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Wednesday, March 22, 2023
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NAB’s accountability

Startling revelations have been made in a parliamentary testimony by the Ministry of Finance that it has no knowledge about the whereabouts of over Rs821 billion, except Rs6.458bn, that the National Accountability Bureau (NAB) claimed to have recovered since its inception some 16 years ago.

During the briefing, the finance ministry also expressed its inability that it could not ask the anti-graft watchdog about the remaining Rs815bn. Reportedly, the money was not being deposited in government accounts. Now, the NAB itself has come under fire as it has to clear its position regarding the depositing of this huge amount of money. In a paper sent to the Senate committee, NAB has claimed that it recovered Rs76 billion as voluntary refund or plea-bargain, Rs122 billion as bank loan default recoveries, Rs60 billion recovery on account of restructuring of loans, Rs46 billion court fines imposed and over Rs500 billion in different ‘indirect recoveries’ in the past 16 years. The committee has decided to write to the auditor general of Pakistan and NAB (Accounts) director general to appear before it prior to the next meeting.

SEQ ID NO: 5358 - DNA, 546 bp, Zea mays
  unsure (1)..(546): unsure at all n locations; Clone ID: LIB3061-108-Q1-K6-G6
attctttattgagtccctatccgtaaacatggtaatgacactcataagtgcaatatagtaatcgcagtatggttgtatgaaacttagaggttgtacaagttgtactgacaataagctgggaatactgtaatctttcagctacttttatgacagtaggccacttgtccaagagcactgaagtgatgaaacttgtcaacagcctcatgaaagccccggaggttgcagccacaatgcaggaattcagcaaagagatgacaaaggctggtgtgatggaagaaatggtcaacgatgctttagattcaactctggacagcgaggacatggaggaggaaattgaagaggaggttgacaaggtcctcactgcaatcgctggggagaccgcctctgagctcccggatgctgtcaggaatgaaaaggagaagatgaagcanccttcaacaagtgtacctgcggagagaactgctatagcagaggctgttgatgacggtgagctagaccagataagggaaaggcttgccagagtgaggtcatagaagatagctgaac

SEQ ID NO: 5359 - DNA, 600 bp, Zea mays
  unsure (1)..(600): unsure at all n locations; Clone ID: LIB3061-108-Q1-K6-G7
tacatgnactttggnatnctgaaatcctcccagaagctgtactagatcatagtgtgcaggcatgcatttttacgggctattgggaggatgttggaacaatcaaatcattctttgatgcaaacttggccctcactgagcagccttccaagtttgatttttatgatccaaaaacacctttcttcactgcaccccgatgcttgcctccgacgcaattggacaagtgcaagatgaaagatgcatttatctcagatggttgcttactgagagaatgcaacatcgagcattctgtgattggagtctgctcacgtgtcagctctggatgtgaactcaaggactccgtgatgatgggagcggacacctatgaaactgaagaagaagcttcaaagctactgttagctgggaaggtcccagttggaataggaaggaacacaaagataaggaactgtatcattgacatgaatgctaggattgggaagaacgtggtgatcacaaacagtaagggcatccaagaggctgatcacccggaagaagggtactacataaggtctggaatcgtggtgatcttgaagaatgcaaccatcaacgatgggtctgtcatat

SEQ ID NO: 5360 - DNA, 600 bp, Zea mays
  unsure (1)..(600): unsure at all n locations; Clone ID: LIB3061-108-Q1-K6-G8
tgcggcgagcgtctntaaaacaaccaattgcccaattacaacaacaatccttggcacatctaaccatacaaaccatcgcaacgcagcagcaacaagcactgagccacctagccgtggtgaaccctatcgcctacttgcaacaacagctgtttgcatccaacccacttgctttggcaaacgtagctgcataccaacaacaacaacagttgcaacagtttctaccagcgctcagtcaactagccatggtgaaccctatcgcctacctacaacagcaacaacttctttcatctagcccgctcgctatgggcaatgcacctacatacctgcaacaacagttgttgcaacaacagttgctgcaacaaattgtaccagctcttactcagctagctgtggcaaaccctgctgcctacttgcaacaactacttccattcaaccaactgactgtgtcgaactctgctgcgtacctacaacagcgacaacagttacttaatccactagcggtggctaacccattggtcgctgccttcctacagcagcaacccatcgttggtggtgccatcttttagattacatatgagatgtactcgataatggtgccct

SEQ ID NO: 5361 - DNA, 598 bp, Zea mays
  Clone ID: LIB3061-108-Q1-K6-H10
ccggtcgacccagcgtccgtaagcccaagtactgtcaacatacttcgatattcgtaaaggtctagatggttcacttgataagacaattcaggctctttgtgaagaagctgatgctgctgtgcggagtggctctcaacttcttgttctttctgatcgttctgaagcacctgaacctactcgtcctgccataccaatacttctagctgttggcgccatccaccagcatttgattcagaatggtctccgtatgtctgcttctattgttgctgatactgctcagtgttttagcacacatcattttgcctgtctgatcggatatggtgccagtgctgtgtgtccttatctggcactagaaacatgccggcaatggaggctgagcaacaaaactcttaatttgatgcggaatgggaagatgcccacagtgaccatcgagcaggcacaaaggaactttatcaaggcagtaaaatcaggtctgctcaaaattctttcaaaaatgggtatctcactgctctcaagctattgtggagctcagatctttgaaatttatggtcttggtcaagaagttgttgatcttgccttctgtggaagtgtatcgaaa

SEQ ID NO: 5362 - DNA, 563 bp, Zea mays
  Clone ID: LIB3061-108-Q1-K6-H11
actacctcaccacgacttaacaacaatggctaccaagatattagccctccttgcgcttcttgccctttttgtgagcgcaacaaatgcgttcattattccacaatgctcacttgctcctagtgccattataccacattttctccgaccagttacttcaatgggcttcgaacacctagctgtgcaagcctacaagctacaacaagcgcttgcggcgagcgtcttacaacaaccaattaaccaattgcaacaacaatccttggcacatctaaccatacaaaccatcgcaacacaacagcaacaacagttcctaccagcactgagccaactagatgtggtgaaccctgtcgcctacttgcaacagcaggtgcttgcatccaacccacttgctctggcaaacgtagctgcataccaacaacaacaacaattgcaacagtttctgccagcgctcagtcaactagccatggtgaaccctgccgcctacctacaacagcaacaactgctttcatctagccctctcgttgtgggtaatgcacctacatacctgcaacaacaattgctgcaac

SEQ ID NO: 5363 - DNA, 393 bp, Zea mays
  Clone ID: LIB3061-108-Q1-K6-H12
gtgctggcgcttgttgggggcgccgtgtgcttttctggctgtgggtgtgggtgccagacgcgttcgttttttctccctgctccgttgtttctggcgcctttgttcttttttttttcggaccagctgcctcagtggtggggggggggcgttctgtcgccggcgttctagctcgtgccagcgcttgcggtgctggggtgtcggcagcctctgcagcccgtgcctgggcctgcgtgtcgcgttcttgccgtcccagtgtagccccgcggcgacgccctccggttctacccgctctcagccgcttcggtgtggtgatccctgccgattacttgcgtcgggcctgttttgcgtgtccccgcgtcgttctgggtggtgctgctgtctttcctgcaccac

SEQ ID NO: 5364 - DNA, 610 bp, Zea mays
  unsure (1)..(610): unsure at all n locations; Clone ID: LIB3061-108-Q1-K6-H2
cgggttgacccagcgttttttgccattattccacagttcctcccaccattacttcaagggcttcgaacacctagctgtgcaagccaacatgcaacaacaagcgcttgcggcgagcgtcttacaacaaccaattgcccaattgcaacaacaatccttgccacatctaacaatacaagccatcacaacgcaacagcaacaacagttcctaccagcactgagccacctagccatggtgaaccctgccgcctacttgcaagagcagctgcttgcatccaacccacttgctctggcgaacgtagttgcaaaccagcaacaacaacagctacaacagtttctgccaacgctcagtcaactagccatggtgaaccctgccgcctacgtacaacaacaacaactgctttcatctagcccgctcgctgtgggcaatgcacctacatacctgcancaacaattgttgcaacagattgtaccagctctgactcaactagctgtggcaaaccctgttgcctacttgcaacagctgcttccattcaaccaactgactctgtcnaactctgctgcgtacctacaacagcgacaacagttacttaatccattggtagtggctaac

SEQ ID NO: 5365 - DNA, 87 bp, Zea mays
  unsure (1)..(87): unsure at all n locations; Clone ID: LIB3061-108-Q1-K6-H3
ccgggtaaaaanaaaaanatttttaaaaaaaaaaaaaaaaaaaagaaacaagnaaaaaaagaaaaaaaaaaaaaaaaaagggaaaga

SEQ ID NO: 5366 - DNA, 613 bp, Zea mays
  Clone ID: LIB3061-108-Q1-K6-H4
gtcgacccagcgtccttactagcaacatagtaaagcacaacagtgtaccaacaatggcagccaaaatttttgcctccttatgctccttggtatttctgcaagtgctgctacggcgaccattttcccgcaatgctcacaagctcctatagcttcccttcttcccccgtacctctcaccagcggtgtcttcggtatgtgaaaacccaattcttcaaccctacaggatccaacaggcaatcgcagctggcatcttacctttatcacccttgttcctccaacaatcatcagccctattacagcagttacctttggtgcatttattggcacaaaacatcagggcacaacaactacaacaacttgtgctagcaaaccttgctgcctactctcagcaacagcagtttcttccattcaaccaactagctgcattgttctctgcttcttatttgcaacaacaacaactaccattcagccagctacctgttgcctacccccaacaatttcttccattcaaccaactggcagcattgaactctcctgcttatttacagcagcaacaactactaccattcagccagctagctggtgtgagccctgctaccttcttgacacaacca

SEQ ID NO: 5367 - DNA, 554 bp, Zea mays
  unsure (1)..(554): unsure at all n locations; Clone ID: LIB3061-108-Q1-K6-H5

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NAB has come under radar for its performance. The performance of the NAB can be gauged from the fact that in its 16 years of operation, NAB has not made a significant difference in the levels of corruption in the country or held corrupt politicians, businessmen and white-collar criminals accountable for their crimes. Corrupt government officials, entrepreneurs and organised criminals have been allowed to loot the country and have gone unchecked through plea bargains. Now it seems that the parliament is holding NAB accountable for not eradicating corruption in the country, which is the logical first step to making all state dealings clean and transparent. To truly crackdown on corruption, NAB must be made more efficient and the Bureau needs to look into the weaknesses of the organisation and introduce a “monitoring and evaluation framework” to maximise results in pursuing corruption cases. NAB should also not have the sole authority of judging corruption cases or striking plea bargain deals without the approval of a court because that lies within the jurisdiction of the judiciary.


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